Aldermaston Players, February 2012
Review by Hugh Terry.
Elegance, sophistication, a certain dry, droll and occasionally mocking, biting humour – not the kind of thing you might normally associate with Aldermaston Parish Hall. Unless that is, you happen to have been fortunate enough to catch the Aldermaston Players’ latest urbane offering, ‘Oh, Coward!’.
If you did catch it, chances are you will have been treated to a jolly good repast to boot – a luxury not afforded this critic, for reasons of space! But it was a good sign that I was advised punters should leave plenty of room for the cheese board…
Anyone unfamiliar with the writings of Noel Coward may regard his humour as an acquired taste – but it is one which, once acquired, never loses its magic. Dated? Certainly – if only because Coward’s output reflected his time and place, as it would most creative types. But also timeless – because like all great art, Coward’s insights, his delightful wordplay and witty aphorisms (like those of Oscar Wilde) transcend the fashions of the age.
So all credit to the group for having the courage (no cowards here!) to mount such an ambitious production off the beaten track in mid-February: not quite the height of the West End season, you might say. The show consists of a virtual non-stop medley of Coward’s best known songs and skits, with the company (six chaps and four fillies) seamlessly switching roles in the twinkling of an eye.
In an evening of successive star turns, it would be unfair to single anyone out really, because this was not only an ensemble piece, with some singers admittedly stronger than others – and clarity of diction more important in any case than vocal power – but also an entertainment in which teamwork is everything.
There was plenty of experience on show, with many of the cast drawn from the legendary Sainsbury Singers: Nigel and Kim Antell, Tricia and Chris Goodchild, Andrew Dutton, Chris Faulkner, Nigel Wilson, Hils Latimer and Kerry Woodley; also Graham Jerome (now approaching veteran status?) of whom more in a moment.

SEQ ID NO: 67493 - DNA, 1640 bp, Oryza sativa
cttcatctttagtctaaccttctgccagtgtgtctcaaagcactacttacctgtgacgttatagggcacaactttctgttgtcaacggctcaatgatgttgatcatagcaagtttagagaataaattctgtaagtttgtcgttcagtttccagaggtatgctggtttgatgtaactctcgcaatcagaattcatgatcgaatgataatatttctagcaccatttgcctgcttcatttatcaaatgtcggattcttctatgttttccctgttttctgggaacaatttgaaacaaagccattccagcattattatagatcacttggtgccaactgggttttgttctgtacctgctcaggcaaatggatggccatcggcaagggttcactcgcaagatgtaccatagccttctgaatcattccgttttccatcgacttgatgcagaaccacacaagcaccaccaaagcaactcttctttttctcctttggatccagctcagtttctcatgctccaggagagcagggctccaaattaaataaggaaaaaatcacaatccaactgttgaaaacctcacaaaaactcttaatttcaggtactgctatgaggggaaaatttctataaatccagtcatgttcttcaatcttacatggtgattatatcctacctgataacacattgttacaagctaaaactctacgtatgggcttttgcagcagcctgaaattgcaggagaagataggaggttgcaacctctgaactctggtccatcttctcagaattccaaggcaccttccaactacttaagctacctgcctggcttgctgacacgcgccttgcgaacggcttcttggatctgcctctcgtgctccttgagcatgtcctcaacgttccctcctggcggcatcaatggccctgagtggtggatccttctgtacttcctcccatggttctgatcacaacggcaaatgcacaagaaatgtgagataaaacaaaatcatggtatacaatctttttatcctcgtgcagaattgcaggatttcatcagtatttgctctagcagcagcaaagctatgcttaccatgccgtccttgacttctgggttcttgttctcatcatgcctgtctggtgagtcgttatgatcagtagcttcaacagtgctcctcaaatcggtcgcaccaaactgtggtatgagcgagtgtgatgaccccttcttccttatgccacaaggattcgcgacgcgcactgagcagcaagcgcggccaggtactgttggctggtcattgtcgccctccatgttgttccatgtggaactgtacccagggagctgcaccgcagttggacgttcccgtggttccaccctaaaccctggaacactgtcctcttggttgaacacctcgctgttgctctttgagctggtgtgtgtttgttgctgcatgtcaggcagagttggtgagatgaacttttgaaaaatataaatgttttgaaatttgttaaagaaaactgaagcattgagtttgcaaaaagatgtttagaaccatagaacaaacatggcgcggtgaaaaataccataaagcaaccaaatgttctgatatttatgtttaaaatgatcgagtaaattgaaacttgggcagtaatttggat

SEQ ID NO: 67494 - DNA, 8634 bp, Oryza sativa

You would not need to be an expert on Noel Coward (I freely admit I am not) to enjoy a right royal evening at this show – devised by Roderick Cook and first produced in 1972, a year before Coward went to join those ‘feathered angels’. Needless to say, it displays all Coward’s trademarks: a romantic sensibility, cosmopolitanism, world-weariness, acuity of social observation, ingenious wordplay, impossible rhymes and yes, a certain well-placed snobbery.
His output was quite prodigious. Among the ‘greatest hits’ featured here, you’d probably recognize ‘Dance Little Lady’, ‘The Stately Homes of England’, ‘Why Do The Wrong People Travel?’, ‘Mrs Worthington’, ‘Mad Dogs and Englishmen’, ‘Mad About The Boy’ and ‘Some Day I’ll Find You’ – all carried off by this enthusiastic group with gusto and aplomb.
During the half-time hiatus, as we sucked on lemon sherbets, I mused to Chris Boott (in his producer hat) that it must be tricky performing on the uneven stage, with the right front corner a step lower than the rest. He explained that this was deliberate, to add a variety of perspective (and presumably give the actors an extra challenge). It clearly paid off when the aforementioned Mr Jerome staggered on for a hilariously sodden rendition of ‘A Marvellous Party’ in which he kept tripping over – almost.
It was in the second half that the performers really hit their stride, thanks in no small measure to the sympathetic lighting, understated staging and the kind of smooth, elegant costumes you naturally associate with this sort of material (pun intended). Hats off to Chris Chapman and the Bootts: director Chris and wardrobe mistress Ange. Keeping things simple and not overly flashy worked just perfectly.
Finally, there was exactly the right balance between words and music: the piano remained a mellifluous background accompaniment which never drowned out the lyrics, which would have been a disaster. In all, had Noel himself been gazing down on this humble parish hall from his no doubt handsomely appointed cloud, he will, I think, have been pleasantly proud.